Intensity Techniques For Training
Intensity Techniques for Training
When it comes to training, we all want to walk away feeling like we’ve given a session our best. If you’ve been following the same program for a while, you may start to feel bored or that your progress is slowing - this is where intensity techniques come in! Here are five simple strategies to introduce into your training regime that your body may not yet have adapted to. Give them a go to overcome plateaus and help you walk away from your session feeling like you’ve emptied the tank and achieved the best possible results!
- Supersets. The one that everybody has heard of, but do you know how to decide which exercises should be in a superset? To break it down, a superset is 2 exercises in a row, with minimal or no break in between. The general rule for choosing your exercises is that they should use either the same muscle group, or antagonistic muscle groups, meaning muscle groups that do opposite actions. For example, you may do two back exercises like seated rows and lat pull-downs, or a back exercise and a chest exercise like seated rows and chest presses.
- Rest intervals. If you haven’t been working to a set rest period, now is the time to start! By timing and limiting your rest, you intensify your workout. For example, you may do a set of 10 deadlifts, then set a timer for 3 minutes before starting your next set. The next time you do deadlifts, you may rest for 2 minutes and 45 seconds, and then continue decreasing the rest time for future workouts. Start with a time that challenges you, but doesn’t stop you from finishing your whole workout!
- Staggered sets. This is a great way to give some attention to your smaller, often neglected muscle groups. For this technique, you train a very small muscle group between your regular sets in what would be your rest time. This works well because smaller muscles require less blood to keep them fuelled, meaning that training these muscles in your rest period allows the main muscle group you are training to rest, and you to catch your breath. For example, you may do some calf raises between squat sets!
- Rest pause. A great way to make sure you’re progressing without having to increase your weight or pressure yourself to a strict rep increase. This is a very short rest period of just a few seconds, so that you can attempt a few more reps at the end of your working set. Your rest period should be as short as possible whilst allowing you to increase the number of reps that you achieve in total! For example, you may finish a set of 10 bicep curls, stop and rest while taking 4-5 deep breaths, then squeeze out another 2-3 (or more if you can) reps.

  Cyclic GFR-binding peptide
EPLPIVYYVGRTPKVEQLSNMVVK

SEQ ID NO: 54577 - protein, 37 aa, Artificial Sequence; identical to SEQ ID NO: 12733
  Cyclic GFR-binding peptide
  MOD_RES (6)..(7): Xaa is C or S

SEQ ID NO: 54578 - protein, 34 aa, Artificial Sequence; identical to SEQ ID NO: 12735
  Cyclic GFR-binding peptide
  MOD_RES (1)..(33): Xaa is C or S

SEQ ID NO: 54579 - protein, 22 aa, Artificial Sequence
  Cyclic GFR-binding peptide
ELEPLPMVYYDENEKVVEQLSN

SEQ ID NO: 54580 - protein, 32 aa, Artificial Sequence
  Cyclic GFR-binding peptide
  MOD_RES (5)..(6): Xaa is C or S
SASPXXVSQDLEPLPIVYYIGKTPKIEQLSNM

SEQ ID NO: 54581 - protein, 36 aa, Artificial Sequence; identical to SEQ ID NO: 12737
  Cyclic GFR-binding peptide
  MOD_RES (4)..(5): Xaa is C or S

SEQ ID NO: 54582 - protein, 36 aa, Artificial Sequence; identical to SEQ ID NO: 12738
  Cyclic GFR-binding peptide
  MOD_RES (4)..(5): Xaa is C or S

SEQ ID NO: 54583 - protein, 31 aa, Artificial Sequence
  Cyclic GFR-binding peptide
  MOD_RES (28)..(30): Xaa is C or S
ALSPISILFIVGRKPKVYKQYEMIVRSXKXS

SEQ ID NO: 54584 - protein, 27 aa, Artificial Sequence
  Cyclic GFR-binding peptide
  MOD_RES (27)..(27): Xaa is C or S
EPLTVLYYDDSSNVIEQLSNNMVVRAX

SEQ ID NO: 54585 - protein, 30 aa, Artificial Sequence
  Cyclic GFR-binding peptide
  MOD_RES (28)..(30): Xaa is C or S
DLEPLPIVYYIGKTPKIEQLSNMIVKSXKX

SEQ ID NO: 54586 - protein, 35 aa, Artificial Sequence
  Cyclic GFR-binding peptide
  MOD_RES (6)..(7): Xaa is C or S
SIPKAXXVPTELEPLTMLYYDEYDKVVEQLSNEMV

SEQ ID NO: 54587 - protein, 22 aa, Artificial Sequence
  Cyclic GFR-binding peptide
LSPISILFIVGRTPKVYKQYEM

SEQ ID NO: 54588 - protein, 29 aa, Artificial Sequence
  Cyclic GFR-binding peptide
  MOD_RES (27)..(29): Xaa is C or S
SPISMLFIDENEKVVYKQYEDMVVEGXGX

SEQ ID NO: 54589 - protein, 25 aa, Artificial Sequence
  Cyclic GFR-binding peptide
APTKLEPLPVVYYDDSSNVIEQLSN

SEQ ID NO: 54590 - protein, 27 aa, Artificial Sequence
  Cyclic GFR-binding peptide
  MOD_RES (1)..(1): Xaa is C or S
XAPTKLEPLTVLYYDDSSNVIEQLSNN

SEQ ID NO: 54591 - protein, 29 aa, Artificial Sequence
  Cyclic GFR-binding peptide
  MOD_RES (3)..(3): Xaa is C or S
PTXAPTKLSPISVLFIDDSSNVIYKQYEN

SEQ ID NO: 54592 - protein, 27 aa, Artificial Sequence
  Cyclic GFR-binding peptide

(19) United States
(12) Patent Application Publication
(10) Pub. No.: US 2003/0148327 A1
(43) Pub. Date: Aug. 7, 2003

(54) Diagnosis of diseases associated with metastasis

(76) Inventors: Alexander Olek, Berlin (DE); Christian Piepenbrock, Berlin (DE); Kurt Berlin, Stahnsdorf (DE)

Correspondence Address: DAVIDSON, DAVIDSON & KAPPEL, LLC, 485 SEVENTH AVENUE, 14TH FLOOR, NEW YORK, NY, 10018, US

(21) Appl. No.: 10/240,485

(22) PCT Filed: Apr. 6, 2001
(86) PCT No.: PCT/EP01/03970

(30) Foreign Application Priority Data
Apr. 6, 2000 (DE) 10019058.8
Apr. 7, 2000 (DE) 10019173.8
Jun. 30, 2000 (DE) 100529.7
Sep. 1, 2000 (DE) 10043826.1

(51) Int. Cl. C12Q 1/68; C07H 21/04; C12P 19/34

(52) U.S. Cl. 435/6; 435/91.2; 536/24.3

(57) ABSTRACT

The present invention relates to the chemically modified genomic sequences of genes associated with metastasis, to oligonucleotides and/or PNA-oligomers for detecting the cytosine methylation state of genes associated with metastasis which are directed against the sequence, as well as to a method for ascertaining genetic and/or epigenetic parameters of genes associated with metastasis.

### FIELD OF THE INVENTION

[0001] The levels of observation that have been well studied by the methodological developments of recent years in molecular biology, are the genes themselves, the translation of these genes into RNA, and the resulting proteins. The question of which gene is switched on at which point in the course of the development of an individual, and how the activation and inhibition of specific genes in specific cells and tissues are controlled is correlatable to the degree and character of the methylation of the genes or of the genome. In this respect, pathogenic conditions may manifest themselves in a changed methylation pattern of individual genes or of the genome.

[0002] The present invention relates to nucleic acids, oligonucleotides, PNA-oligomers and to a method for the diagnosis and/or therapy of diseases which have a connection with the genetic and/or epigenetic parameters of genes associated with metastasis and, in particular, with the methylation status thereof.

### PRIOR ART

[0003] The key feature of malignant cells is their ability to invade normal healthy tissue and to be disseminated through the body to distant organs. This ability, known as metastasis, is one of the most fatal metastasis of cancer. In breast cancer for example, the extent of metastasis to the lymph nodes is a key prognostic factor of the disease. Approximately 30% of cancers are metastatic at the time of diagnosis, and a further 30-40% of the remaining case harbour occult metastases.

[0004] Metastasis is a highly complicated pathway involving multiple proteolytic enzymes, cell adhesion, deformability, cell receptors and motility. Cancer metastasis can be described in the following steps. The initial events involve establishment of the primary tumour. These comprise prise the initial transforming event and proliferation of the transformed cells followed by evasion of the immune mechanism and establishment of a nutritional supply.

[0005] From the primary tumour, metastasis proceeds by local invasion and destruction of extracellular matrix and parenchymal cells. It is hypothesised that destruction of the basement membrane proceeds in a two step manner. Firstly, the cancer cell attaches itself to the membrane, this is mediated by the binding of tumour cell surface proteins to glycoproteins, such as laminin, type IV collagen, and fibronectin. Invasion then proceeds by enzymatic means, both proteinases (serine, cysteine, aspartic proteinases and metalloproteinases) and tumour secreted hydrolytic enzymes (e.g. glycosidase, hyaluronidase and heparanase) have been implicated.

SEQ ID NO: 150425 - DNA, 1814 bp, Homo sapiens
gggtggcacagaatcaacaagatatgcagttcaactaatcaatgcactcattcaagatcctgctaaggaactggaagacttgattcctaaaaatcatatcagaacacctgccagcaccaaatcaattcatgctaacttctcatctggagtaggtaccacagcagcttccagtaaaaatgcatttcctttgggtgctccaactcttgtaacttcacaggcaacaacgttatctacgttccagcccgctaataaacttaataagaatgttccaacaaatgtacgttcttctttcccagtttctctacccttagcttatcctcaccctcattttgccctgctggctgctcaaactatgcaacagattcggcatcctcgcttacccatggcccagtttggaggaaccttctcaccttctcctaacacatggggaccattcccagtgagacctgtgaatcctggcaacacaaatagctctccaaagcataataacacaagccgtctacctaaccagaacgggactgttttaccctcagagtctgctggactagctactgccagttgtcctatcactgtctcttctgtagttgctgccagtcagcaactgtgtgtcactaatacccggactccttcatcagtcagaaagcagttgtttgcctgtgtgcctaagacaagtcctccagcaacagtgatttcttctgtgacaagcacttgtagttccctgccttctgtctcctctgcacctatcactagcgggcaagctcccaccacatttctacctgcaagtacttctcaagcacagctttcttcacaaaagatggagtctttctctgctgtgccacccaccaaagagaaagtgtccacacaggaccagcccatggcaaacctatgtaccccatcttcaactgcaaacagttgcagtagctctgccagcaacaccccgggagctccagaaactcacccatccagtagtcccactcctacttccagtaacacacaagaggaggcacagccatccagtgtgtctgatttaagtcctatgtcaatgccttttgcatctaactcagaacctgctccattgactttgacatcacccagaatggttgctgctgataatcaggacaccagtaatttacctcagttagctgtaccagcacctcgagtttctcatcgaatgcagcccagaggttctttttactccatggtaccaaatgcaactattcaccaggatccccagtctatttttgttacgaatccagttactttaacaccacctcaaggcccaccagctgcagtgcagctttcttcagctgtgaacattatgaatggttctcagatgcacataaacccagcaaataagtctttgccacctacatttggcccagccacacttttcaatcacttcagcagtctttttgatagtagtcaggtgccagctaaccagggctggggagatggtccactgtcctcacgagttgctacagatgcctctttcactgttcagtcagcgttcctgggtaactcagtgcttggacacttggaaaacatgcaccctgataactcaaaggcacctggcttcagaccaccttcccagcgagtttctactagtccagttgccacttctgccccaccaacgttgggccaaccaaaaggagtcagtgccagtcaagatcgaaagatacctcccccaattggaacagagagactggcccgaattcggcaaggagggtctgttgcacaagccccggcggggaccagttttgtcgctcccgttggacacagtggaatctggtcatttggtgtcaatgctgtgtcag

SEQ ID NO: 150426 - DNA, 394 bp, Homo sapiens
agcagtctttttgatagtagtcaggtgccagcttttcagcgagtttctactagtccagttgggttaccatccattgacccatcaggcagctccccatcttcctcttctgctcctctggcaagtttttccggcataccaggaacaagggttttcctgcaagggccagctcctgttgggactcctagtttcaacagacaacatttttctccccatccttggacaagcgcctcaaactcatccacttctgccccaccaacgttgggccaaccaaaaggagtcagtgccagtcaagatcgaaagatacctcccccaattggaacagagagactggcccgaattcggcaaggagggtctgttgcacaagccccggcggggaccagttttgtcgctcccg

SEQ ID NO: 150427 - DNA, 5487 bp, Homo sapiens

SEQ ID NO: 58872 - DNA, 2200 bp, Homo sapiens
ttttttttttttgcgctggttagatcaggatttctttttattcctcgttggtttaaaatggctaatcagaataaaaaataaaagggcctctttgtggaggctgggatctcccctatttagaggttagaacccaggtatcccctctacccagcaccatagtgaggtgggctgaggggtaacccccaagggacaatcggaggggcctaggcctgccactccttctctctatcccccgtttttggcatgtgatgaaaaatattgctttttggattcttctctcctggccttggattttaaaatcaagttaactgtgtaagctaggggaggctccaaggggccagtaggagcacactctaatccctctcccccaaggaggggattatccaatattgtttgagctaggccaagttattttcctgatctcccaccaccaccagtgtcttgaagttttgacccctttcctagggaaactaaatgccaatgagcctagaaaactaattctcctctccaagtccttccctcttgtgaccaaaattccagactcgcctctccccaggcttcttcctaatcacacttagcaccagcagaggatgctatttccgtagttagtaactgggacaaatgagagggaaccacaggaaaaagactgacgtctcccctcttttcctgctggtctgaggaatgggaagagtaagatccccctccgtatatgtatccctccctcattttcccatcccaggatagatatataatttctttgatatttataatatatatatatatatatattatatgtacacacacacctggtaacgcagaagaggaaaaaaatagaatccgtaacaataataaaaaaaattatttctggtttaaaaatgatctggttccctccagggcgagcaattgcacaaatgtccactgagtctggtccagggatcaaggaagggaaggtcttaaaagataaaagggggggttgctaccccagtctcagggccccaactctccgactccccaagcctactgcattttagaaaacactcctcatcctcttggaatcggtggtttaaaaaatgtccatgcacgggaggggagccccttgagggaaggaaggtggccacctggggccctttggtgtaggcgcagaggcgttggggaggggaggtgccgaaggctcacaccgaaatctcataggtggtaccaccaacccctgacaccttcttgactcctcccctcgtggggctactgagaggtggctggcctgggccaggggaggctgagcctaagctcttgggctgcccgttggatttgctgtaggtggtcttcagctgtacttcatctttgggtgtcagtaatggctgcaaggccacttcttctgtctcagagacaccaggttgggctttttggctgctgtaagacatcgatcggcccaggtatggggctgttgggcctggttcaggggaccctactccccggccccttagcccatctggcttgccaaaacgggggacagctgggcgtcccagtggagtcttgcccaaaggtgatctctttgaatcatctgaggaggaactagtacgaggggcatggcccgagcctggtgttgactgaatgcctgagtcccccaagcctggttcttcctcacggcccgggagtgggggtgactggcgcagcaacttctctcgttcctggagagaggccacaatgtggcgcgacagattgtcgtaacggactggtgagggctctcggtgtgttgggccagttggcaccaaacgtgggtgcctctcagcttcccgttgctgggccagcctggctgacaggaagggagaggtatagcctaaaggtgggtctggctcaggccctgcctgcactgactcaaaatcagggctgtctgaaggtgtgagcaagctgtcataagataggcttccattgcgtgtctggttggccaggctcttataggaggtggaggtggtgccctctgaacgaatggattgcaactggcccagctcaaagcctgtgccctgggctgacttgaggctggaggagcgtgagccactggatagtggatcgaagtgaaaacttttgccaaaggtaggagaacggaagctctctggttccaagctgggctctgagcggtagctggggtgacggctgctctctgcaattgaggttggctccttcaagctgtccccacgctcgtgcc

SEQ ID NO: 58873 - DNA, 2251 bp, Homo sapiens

- Rep speed changes. This is a great one to increase the time under tension. All you need to do is time each phase of your reps, similar to the way you would time your rest for the “rest intervals” intensity technique. A common example would be to time your squats by counting to 5 on the way down, holding at the bottom of the squat for another count to 5, then counting to 5 on the way back up.
At the end of the day, progressive overload is always the most important thing when it comes to training. As long as you are increasing either the weight that you lift or the number of reps that you do, you will continue to see progress. However, if your body is well adapted to pushing and training hard, these intensity techniques can be a great way to get a sweat on, overcome a plateau, shake up your training and feel more accomplished in the gym!Task: Try each of these intensity techniques in one of your workouts over the next 5 weeks and see if you notice a difference in how you feel!
Task: Try each of these intensity techniques in one of your workouts over the next 5 weeks and see if you notice a difference in how you feel!
Don't want to miss anything?
Get the latest recipes, workouts, success stories, tips and more right in your inbox.